South Africa, Politics

Police minister gifts Hawks a R1.4bn nest egg, but will it guarantee independence?

By Marianne Thamm 29 April 2016

While discredited Hawks head Lieutenant-General Mthandazo Ntlemeza didn’t get the jet or helicopter he asked for, Minister of Police Nathi Nhleko did allocate a cool R1.431-billion to the Directorate for Priority Crime Investigation, also known as the Hawks. While the stash is part of the R80.8-billion allocated to police, it will be disbursed separately by Treasury over two years. This, reckons Nhleko, should fulfil compliance with three Constitutional Court rulings seeking to entrench the unit’s independence. But more than financial independence it is the isolation of the Hawks from political pressure that is critical. By MARIANNE THAMM.

The separate budget for the Hawks, who have been making headlines of late for all the wrong reasons, is more of a sop to three Constitutional Court rulings about the independence of the unit that it should work without fear or favour while headed by someone who is “a fit and proper person, with due regard to his or her experience, conscientiousness and integrity”.

Its current boss, Lieutenant-General Mhandazo Ntlemeza, according Pretoria High Court Judge Elias Matojane, as well as lobby groups the Helen Suzman Foundation (HSF) and Freedom Under Law (FUL), is not this person. The man who currently occupies the top job was found by Judge Matojane in 2015 to be “biased and dishonest”, that he lacked integrity and had lied under oath.

Accordingly, says Johan Burger, senior researcher of Governance, Crime and Justice Division at the Institute for Security Studies, the question we must ask is a simple one: “Can the South African Police Service’s (SAPS) Directorate for Priority Crime Investigations (DPCI), or the Hawks, as they are more popularly known, be trusted to carry out their mandate without fear, favour or prejudice?”

While Ntlemeza might be safe for now, a second court application by the HSF and FUL, that his appointment be reviewed as it is unlawful and was made without due regard to relevant considerations, holds “strong prospects” of success. This is according to Judge Neil Tuchten who on 19 April dismissed an application by HSF and FUL to have Ntlemeza urgently removed from the post.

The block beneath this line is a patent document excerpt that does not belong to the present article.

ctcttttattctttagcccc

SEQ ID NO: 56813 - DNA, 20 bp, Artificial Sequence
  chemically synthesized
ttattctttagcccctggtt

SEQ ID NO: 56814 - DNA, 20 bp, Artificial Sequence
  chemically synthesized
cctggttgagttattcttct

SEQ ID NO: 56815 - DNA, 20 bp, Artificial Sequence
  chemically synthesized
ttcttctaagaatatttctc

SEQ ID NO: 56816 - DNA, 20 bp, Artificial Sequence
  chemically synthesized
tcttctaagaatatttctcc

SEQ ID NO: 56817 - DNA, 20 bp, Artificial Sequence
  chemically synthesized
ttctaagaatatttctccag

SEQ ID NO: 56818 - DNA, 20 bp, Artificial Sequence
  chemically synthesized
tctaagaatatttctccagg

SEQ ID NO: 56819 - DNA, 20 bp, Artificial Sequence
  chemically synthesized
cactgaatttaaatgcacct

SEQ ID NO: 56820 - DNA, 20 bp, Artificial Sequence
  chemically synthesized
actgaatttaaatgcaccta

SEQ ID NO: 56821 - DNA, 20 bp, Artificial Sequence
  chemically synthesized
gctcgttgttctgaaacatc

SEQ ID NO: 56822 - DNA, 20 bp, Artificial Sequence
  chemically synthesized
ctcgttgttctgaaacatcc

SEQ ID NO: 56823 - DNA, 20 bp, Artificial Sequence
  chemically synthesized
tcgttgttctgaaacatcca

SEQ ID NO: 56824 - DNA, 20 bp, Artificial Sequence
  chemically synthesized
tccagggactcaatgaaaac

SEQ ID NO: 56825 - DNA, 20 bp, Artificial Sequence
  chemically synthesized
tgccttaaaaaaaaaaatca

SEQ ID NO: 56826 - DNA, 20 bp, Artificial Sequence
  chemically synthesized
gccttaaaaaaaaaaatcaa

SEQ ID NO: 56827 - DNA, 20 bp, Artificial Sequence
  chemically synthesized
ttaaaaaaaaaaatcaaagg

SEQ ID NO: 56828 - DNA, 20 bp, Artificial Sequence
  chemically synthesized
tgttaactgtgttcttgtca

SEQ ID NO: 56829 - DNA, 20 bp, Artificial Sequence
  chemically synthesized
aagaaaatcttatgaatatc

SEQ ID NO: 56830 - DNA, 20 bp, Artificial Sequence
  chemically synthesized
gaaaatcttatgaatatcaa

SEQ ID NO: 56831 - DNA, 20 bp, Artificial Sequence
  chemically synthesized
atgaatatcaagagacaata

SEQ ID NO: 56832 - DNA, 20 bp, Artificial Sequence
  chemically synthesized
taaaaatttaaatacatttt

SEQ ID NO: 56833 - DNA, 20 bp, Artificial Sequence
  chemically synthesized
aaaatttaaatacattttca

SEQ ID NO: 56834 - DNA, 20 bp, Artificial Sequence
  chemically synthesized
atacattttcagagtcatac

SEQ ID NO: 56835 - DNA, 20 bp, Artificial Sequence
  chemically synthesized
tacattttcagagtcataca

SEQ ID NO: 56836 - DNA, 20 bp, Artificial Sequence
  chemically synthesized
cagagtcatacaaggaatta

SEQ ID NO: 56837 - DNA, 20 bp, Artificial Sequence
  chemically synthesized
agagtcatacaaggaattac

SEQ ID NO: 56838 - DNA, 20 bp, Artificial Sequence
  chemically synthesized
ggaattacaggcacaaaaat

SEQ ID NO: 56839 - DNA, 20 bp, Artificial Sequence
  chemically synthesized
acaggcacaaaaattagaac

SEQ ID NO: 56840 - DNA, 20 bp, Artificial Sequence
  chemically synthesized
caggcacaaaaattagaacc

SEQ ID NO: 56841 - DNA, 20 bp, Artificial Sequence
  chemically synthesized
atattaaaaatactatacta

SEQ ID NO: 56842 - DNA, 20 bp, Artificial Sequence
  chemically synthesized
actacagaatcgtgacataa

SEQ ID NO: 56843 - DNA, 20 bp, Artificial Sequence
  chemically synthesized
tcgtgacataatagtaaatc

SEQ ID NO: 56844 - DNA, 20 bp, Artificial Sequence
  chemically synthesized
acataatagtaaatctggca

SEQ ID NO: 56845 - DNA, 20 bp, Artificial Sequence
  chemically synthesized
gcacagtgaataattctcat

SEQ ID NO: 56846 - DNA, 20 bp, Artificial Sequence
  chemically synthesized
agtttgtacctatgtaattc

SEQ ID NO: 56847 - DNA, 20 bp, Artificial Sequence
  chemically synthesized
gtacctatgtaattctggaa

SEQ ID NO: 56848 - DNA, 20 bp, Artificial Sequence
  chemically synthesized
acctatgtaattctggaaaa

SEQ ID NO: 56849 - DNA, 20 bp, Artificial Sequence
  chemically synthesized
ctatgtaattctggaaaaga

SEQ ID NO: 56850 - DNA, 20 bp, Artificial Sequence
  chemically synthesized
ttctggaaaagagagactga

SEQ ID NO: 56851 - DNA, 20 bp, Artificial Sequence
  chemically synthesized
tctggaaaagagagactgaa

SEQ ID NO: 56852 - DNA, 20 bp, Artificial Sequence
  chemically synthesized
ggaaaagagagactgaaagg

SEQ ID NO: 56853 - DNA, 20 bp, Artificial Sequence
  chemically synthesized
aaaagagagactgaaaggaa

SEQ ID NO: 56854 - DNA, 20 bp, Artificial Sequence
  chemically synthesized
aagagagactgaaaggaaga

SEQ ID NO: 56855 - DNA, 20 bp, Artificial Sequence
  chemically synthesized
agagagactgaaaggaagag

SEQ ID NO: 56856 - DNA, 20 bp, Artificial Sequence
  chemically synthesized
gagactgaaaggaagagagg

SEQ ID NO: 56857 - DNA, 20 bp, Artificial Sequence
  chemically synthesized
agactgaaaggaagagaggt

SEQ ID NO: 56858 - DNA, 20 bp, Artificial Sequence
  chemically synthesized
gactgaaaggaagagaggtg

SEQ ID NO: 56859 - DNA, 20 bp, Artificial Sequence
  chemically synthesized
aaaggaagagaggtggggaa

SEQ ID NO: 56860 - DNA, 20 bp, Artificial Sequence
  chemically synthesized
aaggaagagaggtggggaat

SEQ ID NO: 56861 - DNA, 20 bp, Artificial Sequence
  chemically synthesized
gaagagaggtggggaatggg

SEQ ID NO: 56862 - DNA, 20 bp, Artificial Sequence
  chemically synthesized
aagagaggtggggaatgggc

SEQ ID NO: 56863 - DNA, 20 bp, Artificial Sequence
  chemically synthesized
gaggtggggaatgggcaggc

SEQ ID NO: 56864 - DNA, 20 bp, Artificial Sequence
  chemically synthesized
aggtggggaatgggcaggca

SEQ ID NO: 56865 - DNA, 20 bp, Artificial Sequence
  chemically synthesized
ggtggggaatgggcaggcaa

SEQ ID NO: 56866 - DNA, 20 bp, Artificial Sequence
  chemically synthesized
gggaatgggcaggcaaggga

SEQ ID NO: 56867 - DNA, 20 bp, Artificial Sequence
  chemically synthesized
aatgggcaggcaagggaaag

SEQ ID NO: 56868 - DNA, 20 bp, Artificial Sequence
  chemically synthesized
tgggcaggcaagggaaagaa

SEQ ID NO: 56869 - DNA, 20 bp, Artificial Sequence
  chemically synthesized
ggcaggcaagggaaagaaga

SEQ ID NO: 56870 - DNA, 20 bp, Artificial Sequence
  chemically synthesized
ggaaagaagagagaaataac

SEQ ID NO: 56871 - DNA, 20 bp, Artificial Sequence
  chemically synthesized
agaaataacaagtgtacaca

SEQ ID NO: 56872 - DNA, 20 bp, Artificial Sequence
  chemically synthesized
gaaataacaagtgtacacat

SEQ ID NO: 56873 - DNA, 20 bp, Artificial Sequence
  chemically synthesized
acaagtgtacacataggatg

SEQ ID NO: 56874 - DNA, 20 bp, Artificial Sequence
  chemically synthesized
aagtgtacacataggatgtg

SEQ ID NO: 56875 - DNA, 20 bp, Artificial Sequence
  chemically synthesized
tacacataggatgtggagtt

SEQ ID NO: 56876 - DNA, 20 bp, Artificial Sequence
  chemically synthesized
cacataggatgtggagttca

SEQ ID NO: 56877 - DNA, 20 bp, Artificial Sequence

However, the second application stood a good chance as Minister Nhleko, said Judge Tuchten, in taking an “incorrect” view in brushing aside Judge Matojane’s findings as irrelevant and inconsequential, had “disabled himself from making a rational decision”.

Announcing the special Hawks budget in Parliament last week, Nhleko said it “this should satisfy compliance with the ruling of the Constitutional Court in entrenching the independence of the unit”.

But this is far from reality.

Anywhere in the world, public officials or high-profile politicians who engage in corruption or find themselves in thrall to criminal elements seek to use their influence and power to undermine the law or capture institutions tasked with upholding it. Whether they can be exposed and rooted out depends on the strength of the law as well as the political will to clean, accountable governance.

This was one of the reasons the Scorpions, or the Directorate for Special Operations, established in 2001 and placed within the National Prosecuting Authority to guarantee their independence, were crushed. The Scorpions operated separately from the SAPS and were hugely successful in pursuing several high-profile criminals as well as senior government officials and politicians.

The independence of the Scorpions pitted the elite unit against the SAPS in a bitter battle to protect these high-ranking officials. It is a battle still spooling out today in the country’s courts.

Former police commissioner Jackie Selebi was the biggest fish the Scorpions reeled in and then there is, of course, the ongoing saga of the 783 charges of corruption, fraud, money laundering and racketeering against President Jacob Zuma that loom. The Pretoria High Court will rule on Friday on the DA’s “spy tapes” application for a review of the NPA’s decision to drop the 783 charges.

The Hawks were established after a 2008 Cabinet decision to disband the Scorpions. The Hawks, officially known as the Directorate for Priority Investigations, is an apparently independent unit that now falls under the SAPS.

In the past year the Hawks have made headlines not for their efforts at crime busting but for pursuing of Minister of Finance, Pravin Gordhan, with regard to spurious allegations of a “rogue unit” at SARS. Former SARS Deputy Commissioner Ivan Pillay and strategic planning risk group executive Peter Richer are allegedly being investigated, too.

Ntlemeza has also been implicated in the ongoing attempt to sideline former Hawks KwaZulu-Natal head, Johan Booysen, who was illegally suspended.